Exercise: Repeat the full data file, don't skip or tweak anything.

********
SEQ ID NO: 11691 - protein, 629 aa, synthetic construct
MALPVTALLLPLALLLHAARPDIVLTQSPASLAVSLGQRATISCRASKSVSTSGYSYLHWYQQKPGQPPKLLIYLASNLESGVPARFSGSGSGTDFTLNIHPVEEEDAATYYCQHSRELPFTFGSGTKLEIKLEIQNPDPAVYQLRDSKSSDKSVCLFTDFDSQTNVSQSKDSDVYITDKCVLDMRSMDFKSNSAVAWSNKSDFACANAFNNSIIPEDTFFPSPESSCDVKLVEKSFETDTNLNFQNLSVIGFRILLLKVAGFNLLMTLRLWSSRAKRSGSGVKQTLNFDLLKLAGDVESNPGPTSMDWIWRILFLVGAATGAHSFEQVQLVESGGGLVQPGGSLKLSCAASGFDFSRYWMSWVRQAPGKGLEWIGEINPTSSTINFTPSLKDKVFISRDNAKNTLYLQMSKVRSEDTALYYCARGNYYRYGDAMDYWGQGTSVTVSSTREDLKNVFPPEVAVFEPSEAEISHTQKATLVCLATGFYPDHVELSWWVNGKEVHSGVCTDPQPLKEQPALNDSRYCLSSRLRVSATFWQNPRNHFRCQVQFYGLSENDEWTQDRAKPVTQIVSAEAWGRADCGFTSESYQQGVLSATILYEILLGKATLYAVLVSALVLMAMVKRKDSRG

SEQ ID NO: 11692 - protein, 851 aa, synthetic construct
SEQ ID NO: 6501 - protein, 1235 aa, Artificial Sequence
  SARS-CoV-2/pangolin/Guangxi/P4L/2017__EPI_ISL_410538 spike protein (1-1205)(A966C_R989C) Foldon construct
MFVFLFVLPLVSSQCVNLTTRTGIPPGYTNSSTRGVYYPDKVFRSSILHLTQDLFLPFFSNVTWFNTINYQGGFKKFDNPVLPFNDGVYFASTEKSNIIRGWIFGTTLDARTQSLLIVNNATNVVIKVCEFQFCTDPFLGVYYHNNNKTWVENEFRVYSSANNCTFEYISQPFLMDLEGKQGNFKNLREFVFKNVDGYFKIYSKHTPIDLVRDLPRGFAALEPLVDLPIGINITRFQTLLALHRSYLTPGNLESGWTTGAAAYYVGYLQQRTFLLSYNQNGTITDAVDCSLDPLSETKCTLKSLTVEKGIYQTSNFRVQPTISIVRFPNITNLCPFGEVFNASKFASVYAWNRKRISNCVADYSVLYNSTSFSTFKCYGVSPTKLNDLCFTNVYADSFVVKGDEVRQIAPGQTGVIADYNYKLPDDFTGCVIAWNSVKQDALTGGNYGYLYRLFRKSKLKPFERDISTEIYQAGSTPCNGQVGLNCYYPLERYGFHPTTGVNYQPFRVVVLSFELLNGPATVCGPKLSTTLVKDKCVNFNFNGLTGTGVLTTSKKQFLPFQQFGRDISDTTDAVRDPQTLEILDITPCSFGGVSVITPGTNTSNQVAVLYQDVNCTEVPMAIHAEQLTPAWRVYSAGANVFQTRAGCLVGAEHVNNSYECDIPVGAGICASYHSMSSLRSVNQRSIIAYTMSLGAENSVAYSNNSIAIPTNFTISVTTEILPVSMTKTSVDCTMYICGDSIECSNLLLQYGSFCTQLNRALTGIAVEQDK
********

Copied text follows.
SEQ ID NO: 11691 - protein, 629 aa, synthetic construct
MALPVTALLLPLALLLHAARPDIVLTQSPASLAVSLGQRATISCRASKSVSTSGYSYLHWYQQKPGQPPKLLIYLASNLESGVPARFSGSGSGTDFTLNIHPVEEEDAATYYCQHSRELPFTFGSGTKLEIKLEIQNPDPAVYQLRDSKSSDKSVCLFTDFDSQTNVSQSKDSDVYITDKCVLDMRSMDFKSNSAVAWSNKSDFACANAFNNSIIPEDTFFPSPESSCDVKLVEKSFETDTNLNFQNLSVIGFRILLLKVAGFNLLMTLRLWSSRAKRSGSGVKQTLNFDLLKLAGDVESNPGPTSMDWIWRILFLVGAATGAHSFEQVQLVESGGGLVQPGGSLKLSCAASGFDFSRYWMSWVRQAPGKGLEWIGEINPTSSTINFTPSLKDKVFISRDNAKNTLYLQMSKVRSEDTALYYCARGNYYRYGDAMDYWGQGTSVTVSSTREDLKNVFPPEVAVFEPSEAEISHTQKATLVCLATGFYPDHVELSWWVNGKEVHSGVCTDPQPLKEQPALNDSRYCLSSRLRVSATFWQNPRNHFRCQVQFYGLSENDEWTQDRAKPVTQIVSAEAWGRADCGFTSESYQQGVLSATILYEILLGKATLYAVLVSALVLMAMVKRKDSRG

SEQ ID NO: 11692 - protein, 851 aa, synthetic construct
SEQ ID NO: 6501 - protein, 1235 aa, Artificial Sequence
  SARS-CoV-2/pangolin/Guangxi/P4L/2017__EPI_ISL_410538 spike protein (1-1205)(A966C_R989C) Foldon construct
MFVFLFVLPLVSSQCVNLTTRTGIPPGYTNSSTRGVYYPDKVFRSSILHLTQDLFLPFFSNVTWFNTINYQGGFKKFDNPVLPFNDGVYFASTEKSNIIRGWIFGTTLDARTQSLLIVNNATNVVIKVCEFQFCTDPFLGVYYHNNNKTWVENEFRVYSSANNCTFEYISQPFLMDLEGKQGNFKNLREFVFKNVDGYFKIYSKHTPIDLVRDLPRGFAALEPLVDLPIGINITRFQTLLALHRSYLTPGNLESGWTTGAAAYYVGYLQQRTFLLSYNQNGTITDAVDCSLDPLSETKCTLKSLTVEKGIYQTSNFRVQPTISIVRFPNITNLCPFGEVFNASKFASVYAWNRKRISNCVADYSVLYNSTSFSTFKCYGVSPTKLNDLCFTNVYADSFVVKGDEVRQIAPGQTGVIADYNYKLPDDFTGCVIAWNSVKQDALTGGNYGYLYRLFRKSKLKPFERDISTEIYQAGSTPCNGQVGLNCYYPLERYGFHPTTGVNYQPFRVVVLSFELLNGPATVCGPKLSTTLVKDKCVNFNFNGLTGTGVLTTSKKQFLPFQQFGRDISDTTDAVRDPQTLEILDITPCSFGGVSVITPGTNTSNQVAVLYQDVNCTEVPMAIHAEQLTPAWRVYSAGANVFQTRAGCLVGAEHVNNSYECDIPVGAGICASYHSMSSLRSVNQRSIIAYTMSLGAENSVAYSNNSIAIPTNFTISVTTEILPVSMTKTSVDCTMYICGDSIECSNLLLQYGSFCTQLNRALTGIAVEQDK